My Lords, eight years ago the Affordable Rural Housing Commission estimated that we needed at least 11,000 affordable new homes every year in rural areas. We have scarcely ever managed more than a third of that number, and the proportion is falling. That means that those who need such homes in rural areas move to urban areas, adding to the numbers of the urban homeless and further obscuring the rural problem. What remedy does the Minister have for this state of affairs?
In terms of the delivery of affordable homes, we feel—certainly from the statistics that I have seen this morning—that they are being built in the areas where they are most needed. I will come back to the right reverend Prelate about rural housing because I do not have any specific data on that for him at the moment. But the fact remains that affordable housebuilding is increasing.
My Lords, may I call on the Minister to give every encouragement to the community-based housing associations that operate up and down the country? When I served as an MP, I had six community-based housing associations in my area. They provided lovely homes, they rehabilitated old tenements, they build community halls, they built sheltered housing—
A noble Lord
I am not usually too long, my Lords. They also gave dignity to families.
I can assure the noble Lord that we support all communities that are building new homes. I have met a range of different people leading development in their areas. I certainly agree with everything the noble Lord said.
Will the Minister join me in celebrating the achievement of Harold Macmillan, who, in the 1950s, promised and delivered the building of 300,000 houses per year? Can she explain why the achievement of that Conservative Government was so much better than that of this Conservative-led coalition?
I can certainly tell the noble Lord that this Conservative-led coalition has built more council housing in the last year alone in London than was built in the 13 years combined of the last Labour Government.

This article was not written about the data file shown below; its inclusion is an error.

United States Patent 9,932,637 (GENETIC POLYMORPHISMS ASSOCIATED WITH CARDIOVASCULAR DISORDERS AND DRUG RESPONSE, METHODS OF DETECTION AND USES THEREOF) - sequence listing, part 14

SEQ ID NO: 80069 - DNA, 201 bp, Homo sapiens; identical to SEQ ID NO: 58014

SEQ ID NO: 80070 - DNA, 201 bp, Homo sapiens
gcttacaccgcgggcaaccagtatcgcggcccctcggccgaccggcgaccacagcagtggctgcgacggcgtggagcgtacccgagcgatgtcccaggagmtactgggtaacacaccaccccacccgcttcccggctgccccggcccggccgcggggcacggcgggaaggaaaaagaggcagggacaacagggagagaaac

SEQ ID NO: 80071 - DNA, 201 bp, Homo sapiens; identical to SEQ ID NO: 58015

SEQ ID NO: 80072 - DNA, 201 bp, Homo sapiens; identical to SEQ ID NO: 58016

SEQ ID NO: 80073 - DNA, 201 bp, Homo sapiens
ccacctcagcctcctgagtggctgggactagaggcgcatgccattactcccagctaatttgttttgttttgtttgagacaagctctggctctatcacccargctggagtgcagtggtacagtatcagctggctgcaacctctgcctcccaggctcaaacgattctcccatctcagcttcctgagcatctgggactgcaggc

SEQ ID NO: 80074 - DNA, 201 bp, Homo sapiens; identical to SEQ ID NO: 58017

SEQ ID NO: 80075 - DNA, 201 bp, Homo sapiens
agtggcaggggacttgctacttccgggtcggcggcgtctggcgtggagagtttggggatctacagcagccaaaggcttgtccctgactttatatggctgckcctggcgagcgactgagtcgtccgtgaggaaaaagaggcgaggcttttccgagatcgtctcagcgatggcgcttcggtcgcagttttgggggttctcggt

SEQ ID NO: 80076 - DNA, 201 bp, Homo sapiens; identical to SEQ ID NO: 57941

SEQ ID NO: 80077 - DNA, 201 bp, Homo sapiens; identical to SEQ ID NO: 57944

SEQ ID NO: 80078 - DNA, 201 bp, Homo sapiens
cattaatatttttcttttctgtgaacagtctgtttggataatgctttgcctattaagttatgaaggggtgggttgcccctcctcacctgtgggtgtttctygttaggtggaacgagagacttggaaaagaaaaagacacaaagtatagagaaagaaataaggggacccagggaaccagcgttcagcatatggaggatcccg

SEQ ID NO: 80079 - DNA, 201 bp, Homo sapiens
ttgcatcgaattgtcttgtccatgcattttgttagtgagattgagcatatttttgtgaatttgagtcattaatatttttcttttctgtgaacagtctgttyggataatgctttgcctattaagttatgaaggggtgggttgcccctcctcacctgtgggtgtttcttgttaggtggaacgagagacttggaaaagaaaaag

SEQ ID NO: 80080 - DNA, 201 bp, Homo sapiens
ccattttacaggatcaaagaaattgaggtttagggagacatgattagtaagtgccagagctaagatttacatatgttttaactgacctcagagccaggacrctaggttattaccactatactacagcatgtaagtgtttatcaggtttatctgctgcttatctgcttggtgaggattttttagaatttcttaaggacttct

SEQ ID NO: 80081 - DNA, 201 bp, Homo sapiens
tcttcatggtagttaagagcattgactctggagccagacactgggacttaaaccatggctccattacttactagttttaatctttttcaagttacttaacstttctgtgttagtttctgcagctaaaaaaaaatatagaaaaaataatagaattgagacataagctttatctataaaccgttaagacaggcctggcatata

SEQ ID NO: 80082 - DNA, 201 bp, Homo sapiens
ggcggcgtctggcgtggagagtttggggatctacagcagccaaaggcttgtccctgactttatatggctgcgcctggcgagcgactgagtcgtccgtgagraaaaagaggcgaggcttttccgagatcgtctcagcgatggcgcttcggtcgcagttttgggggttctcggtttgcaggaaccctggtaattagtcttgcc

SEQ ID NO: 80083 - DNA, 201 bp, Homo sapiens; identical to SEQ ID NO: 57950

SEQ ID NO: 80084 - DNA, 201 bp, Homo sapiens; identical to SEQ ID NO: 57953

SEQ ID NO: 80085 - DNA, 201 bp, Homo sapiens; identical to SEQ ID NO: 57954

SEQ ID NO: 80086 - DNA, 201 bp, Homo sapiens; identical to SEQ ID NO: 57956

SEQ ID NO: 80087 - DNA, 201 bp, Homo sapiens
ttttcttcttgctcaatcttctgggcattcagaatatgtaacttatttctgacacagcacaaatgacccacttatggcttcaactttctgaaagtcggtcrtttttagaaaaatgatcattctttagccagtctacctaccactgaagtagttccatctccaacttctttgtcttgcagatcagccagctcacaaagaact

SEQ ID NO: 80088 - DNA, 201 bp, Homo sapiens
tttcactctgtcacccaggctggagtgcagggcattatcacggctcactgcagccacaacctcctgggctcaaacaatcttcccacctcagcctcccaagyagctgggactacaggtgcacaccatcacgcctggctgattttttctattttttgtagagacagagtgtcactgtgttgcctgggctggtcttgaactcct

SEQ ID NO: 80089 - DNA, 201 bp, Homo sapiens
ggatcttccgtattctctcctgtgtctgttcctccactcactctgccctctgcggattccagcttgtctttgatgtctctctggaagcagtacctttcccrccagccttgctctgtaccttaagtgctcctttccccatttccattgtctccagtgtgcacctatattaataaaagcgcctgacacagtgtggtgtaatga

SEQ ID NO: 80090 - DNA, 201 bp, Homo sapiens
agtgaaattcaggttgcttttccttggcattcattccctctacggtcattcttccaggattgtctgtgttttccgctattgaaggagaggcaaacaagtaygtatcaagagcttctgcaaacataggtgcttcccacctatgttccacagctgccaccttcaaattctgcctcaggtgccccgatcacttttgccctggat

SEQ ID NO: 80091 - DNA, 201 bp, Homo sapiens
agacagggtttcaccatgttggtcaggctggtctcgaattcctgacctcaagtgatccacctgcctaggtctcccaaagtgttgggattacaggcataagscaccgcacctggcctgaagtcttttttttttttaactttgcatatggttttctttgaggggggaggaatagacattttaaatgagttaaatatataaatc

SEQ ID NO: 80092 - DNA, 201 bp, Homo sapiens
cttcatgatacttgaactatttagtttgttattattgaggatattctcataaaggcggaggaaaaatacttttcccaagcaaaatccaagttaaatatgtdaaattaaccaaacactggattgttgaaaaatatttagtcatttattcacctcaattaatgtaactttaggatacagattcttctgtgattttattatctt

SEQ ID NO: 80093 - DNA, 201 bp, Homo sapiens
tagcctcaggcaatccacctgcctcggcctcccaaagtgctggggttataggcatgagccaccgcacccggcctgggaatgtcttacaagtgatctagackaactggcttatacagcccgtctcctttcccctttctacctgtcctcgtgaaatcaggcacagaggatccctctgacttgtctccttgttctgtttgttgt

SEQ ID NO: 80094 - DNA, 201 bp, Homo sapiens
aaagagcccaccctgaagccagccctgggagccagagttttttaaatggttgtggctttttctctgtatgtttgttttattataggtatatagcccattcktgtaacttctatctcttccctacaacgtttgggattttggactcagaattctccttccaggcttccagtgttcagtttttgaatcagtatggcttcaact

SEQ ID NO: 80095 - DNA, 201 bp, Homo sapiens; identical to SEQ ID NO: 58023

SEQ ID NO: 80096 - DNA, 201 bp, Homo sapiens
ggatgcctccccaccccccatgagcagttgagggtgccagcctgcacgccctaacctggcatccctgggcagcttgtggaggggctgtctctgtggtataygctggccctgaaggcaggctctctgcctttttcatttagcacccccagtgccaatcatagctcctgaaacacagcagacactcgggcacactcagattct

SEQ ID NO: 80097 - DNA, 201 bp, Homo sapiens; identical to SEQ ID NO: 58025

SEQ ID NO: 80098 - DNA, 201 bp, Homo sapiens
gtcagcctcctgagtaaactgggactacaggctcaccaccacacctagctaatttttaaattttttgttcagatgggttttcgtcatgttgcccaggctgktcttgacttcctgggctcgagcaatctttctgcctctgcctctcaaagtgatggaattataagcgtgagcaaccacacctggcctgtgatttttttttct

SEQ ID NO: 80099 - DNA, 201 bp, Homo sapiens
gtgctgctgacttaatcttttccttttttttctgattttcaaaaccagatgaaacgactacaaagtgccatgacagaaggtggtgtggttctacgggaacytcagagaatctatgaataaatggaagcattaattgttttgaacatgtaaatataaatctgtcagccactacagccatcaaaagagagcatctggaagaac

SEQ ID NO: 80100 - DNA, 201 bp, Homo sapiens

My Lords, what is the Government’s definition of affordable housing?
Affordable housing is housing that attracts some financial support from both public and private sectors so that it is available at a rent below the market rate.
My Lords, I declare an interest as working in the construction industry. What are Her Majesty’s Government doing to improve the quality of new homes?
I would like to think that we are doing quite a bit. As I said to my noble friend who asked the first supplementary question, I have very little information with me today on building regulations but certainly the new homes that I have seen being built are of a good standard.
My Lords, according to the noble Baroness, affordable housing has a rent set below the market rate. What is the connection between that and affordability in many parts of this country?
As the noble Lord heard me say in response to his noble friend, affordability is a different issue. “Affordable homes” is a formal distinction when we talk about the specific building of different properties. With affordability, we clearly need to make sure that homes generally are available at an affordable rate. That is important to everybody who seeks to buy their own home.